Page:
Date of Award:


Document Type:


Degree Name:

Master of Science (MS)



Department name when degree awarded


Committee Chair(s)

Peter T. Kolesar, Jr.


Peter T. Kolesar, Jr.


Don Fiesinger


Davie Liddell


The Lower Middle Cambrian Langston Formation was studied in the Bear River Range of north-central Utah and southeasternmost Idaho and the Wellsville Mountains of north-central Utah. The depositional textures and sedimentary structures preserved within the rocks were compared with characteristics of similar modern sediments and ancient rock to determine environments of deposition, paleogeography, diagenetic alteration and pattern of dolomitization.

The rocks of the Langston Formation were divided into eleven different rock types. These eleven rock types were formed within four recognizable lithofacies: 1) upper peritidal; 2) inner carbonate shelf; 3) inner clastic shelf; and 4) outer clastic shelf.

The general depositional environment is inferred to have been a shallow subtidal to subaerial carbonate shoal complex. Clastic sediments from the east and north or northwest periodically prograded over the carbonate complex during times of relatively slow subsidence. The deposition of the Langston Formation mudrocks and carbonates occurred during the first Cambrian grand cycle.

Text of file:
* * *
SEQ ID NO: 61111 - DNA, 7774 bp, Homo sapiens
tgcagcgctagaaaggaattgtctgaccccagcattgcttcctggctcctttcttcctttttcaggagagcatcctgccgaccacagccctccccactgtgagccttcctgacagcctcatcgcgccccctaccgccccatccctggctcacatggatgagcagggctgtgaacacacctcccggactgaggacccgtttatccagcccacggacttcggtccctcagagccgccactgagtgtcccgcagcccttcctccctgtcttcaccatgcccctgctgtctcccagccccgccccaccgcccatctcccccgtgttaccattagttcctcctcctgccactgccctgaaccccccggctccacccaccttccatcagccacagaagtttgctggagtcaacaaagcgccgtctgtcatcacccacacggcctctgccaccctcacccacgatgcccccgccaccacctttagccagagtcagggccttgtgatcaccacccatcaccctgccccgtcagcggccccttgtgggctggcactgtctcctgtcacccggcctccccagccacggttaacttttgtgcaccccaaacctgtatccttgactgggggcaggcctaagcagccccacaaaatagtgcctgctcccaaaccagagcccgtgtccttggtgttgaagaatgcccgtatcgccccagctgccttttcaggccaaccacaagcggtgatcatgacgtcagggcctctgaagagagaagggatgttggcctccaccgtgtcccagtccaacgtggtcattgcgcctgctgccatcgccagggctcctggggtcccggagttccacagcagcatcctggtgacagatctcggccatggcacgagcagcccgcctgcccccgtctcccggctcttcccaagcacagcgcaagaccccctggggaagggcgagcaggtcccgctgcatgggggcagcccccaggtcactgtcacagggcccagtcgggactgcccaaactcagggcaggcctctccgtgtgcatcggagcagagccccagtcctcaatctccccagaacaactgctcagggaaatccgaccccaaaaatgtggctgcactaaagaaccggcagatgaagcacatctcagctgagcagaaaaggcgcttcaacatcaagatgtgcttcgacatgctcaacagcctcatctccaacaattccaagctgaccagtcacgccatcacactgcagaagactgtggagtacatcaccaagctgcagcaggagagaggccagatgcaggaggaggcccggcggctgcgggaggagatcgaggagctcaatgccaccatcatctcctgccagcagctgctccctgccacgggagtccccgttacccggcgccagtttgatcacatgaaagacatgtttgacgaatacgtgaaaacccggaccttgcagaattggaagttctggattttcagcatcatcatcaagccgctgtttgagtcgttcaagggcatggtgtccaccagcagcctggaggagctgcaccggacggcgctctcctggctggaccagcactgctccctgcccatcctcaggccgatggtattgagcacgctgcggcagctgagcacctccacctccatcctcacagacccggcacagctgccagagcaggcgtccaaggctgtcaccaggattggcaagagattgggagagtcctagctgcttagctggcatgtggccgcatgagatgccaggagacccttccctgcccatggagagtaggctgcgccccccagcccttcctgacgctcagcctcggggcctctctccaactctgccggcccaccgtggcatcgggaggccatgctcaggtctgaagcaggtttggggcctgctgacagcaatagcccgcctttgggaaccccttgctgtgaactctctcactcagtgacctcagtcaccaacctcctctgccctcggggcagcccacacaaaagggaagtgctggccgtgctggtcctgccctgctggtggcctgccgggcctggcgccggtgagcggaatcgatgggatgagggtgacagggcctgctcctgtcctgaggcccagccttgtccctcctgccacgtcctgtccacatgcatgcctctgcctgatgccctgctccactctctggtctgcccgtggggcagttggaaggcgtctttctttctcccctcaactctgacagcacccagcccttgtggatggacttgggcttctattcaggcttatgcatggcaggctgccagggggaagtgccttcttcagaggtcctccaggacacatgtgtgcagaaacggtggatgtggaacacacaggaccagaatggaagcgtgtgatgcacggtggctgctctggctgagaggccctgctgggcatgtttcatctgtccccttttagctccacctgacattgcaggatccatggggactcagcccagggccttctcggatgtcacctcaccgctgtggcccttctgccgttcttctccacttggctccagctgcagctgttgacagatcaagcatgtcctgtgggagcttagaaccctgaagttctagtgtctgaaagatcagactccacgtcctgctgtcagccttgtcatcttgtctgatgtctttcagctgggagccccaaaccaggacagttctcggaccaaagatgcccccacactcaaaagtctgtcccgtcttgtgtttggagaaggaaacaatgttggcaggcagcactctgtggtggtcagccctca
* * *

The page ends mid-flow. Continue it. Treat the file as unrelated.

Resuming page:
During Langston time the study area was located near the outer edge of an equatorial epeiric sea. Clay mineralogy of the insoluble residues indicates a relatively humid climate, yet the humidity was low enough to permit precipitation of sulfate minerals.

Eogenetic diagenetic features include birdseye structures, relict evaporite structures, fibrous rim cement, compaction, and the begining of dolomitization. Mesogenetic diagenesis is characterized by dolomitization and pressure solution. Telogenetic diagenesis is limited to fracturing and calcite infilling.

Dolomitization is believed to have resulted mainly from downward reflux of hypersaline brines, as indicated by relict evaporite structures, zoned dolomite rhombs, and a general association of dolomite with upper peritidal facies. The hypersaline brines formed in the upper peritidal environment, and percolated downward through underlying porous sediments. The greater density of the hypersaline brines displaced less-dense interstitial fluids. These brines were periodically diluted by normal marine water or fresh water.



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